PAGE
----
Majority of staff says MAID must be available

Rudnick's memo also includes examples such as a patient who died hours after arriving at an assessment site because they no longer had access to their specialized palliative care from St. Boniface Hospital.

Another example explains how a Catholic family was traumatized in their experience of trying to get information and access to assisted dying prior to a family member's death.

st boniface hospital

After assisted dying became legal, St. Boniface Hospital said it would not offer the legal service to patients, but it would work with patients to facilitate a transfer. (CBC)

The new policy was also based on feedback from doctors and nurses. An April 2016 letter from Marcus Blouw, then-president of St. Boniface medical staff, included the results of an informal survey of staff showing majority support for assisted dying.

In the letter, Blouw wrote only eight per cent of staff believed assisted dying has no place at St. Boniface Hospital.

Forty per cent responded that conversations, counselling, information-sharing and assessments related to medically assisted dying must be available at the hospital.

The majority of people, 52 per cent, said that assisted dying must be available to all Canadians in any institution that receives public funding, regardless of that institution's historical or religious affiliations.

The hospital's president, Bruce Roe, said the survey showed staff want to be able to continue supporting patients.

"Our current policy, which allows assessments, really does allow that continued relationship and continued support. We've addressed those concerns and concerns of many by this evolution of the policy," he said.

"I regret that some physicians ... find that their views are in conflict with the hospital's, but the view of the hospitals is very clear, and … where we can go and what we can provide is also very clear."

In his letter, Blouw also wrote that he was concerned people didn't feel safe emailing him with their answers.

"A substantial number of individuals chose to respond by phone and explicitly stated that this choice reflected a fear of putting their opinions in writing," he wrote.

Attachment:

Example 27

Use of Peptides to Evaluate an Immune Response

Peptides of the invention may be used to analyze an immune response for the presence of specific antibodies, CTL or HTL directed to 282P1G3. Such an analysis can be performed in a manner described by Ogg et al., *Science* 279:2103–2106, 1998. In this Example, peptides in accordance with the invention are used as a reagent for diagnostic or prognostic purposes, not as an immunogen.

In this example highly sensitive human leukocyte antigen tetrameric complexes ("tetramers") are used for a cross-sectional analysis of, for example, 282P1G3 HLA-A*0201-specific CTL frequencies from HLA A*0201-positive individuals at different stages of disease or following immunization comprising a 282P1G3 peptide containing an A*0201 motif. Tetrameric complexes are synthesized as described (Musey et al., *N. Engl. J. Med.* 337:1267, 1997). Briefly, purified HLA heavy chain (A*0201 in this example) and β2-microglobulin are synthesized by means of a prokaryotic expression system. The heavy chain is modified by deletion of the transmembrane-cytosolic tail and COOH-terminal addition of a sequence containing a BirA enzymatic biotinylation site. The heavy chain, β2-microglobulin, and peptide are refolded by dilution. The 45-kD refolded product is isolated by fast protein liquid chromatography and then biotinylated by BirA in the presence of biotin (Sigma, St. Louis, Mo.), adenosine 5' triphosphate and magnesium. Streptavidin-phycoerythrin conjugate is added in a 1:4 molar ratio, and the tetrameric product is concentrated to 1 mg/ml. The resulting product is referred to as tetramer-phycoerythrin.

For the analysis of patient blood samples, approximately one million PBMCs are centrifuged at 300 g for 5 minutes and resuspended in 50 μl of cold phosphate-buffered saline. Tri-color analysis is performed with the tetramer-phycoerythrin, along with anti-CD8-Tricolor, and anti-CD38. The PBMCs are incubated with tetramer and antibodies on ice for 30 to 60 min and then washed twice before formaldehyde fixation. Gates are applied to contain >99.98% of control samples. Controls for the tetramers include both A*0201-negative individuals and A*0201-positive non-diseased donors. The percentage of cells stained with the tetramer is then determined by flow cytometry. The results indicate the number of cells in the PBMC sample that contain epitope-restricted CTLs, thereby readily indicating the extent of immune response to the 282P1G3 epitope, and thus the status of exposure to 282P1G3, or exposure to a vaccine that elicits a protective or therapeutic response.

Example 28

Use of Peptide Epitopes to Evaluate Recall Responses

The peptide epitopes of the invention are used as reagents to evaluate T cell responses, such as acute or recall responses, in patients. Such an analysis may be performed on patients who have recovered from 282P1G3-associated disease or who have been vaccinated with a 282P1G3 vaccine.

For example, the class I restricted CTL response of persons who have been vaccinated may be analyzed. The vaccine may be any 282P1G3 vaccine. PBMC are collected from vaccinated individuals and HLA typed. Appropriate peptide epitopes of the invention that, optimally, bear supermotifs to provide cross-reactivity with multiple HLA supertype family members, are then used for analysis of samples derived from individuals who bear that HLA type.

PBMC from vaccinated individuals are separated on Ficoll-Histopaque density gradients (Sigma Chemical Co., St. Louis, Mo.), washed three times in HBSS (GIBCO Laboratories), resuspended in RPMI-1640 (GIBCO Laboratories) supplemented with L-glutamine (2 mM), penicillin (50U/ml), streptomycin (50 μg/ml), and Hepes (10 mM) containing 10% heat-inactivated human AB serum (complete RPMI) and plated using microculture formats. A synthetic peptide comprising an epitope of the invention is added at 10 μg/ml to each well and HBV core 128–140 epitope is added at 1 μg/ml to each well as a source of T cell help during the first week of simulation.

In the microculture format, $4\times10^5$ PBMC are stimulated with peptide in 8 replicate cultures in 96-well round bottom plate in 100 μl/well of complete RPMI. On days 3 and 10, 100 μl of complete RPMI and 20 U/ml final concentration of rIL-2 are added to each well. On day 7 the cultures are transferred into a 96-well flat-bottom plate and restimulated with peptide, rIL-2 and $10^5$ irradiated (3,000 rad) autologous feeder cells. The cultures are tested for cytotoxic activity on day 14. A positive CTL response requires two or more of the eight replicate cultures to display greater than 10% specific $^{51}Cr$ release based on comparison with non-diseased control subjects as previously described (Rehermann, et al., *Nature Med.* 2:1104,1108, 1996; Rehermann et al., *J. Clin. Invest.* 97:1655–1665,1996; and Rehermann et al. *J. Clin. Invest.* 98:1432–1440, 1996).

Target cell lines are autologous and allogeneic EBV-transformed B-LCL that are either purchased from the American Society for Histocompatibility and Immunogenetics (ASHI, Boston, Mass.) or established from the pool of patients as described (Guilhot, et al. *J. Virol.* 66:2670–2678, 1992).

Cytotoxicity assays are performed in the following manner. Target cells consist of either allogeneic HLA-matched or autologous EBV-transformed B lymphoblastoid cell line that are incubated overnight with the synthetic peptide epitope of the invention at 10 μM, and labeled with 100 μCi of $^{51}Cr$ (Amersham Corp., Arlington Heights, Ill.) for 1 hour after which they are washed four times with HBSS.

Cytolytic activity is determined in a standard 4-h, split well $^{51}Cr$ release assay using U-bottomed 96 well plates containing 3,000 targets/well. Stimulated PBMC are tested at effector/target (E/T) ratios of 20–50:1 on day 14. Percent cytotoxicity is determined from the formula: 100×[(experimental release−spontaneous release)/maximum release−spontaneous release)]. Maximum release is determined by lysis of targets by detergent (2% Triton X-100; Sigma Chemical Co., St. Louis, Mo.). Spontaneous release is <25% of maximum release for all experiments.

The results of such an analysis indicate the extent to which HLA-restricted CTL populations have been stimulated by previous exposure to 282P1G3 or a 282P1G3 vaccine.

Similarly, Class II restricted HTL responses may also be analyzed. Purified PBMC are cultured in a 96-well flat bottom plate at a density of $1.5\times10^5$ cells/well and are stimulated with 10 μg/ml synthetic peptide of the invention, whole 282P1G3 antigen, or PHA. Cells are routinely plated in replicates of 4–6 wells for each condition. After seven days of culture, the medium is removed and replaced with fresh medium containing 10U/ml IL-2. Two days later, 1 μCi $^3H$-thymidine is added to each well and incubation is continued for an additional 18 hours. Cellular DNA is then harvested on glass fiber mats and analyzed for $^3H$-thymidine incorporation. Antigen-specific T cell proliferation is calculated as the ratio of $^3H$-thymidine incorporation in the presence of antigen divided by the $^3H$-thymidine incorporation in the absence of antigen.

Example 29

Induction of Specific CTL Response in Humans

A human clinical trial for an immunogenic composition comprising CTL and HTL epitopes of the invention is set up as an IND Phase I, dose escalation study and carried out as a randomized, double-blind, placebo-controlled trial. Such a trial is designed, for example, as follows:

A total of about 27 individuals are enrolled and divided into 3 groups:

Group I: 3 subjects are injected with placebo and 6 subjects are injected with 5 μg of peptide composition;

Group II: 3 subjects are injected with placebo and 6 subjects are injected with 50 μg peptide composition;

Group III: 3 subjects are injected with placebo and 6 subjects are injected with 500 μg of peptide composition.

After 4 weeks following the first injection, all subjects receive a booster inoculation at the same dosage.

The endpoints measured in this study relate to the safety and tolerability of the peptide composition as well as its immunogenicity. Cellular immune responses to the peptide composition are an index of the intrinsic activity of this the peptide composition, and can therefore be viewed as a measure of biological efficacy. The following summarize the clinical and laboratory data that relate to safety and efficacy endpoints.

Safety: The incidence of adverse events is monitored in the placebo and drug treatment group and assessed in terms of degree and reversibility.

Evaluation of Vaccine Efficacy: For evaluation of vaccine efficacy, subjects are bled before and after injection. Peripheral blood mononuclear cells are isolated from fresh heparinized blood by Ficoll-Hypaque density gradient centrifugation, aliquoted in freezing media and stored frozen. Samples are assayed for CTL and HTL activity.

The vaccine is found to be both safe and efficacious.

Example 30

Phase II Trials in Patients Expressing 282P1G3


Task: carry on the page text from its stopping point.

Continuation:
"There appears to be real concerns around the potential to suffer professional or personal repercussions for voicing strong opinions on this polarizing topic."

Blouw also wrote about the importance of fulfilling the hospital's mandate to "provide patient-centred care, not institution-[centred] care.

"Any change in practice that [favours] the sentiments of the institution over and above the needs of the patient would not be consistent with the stated mission, vision and goals of the hospital, nor does it foster good patient-physician relationships."

Individuals can opt out, but institutions?

Recently retired Liberal senator James Cowan was part of the special parliamentary joint committee on assisted dying and is on the board of directors of Dying With Dignity, a non-profit organization committed to protecting end-of-life rights.

He said while crafting the legislation, it was always important to be clear that any health-care professional with a conscientious, ethical or religious objection would be able to opt out of participating.

"But I never felt that should extend to institutions," he said. "I didn't see how, particularly publicly funded institutions, could opt out of providing a service which is permitted by law like medical assistance in dying." 

By overturning the policy at St. Boniface Hospital, Cowan said Catholic Health is creating an unconstitutional barrier to access. 

"If we have institutions which either refuse to permit a medically necessary service to be provided on the premises or make it more difficult, then that makes access unequal amongst Canadians," he said. 

"That's not the way we provide universal health care in this country."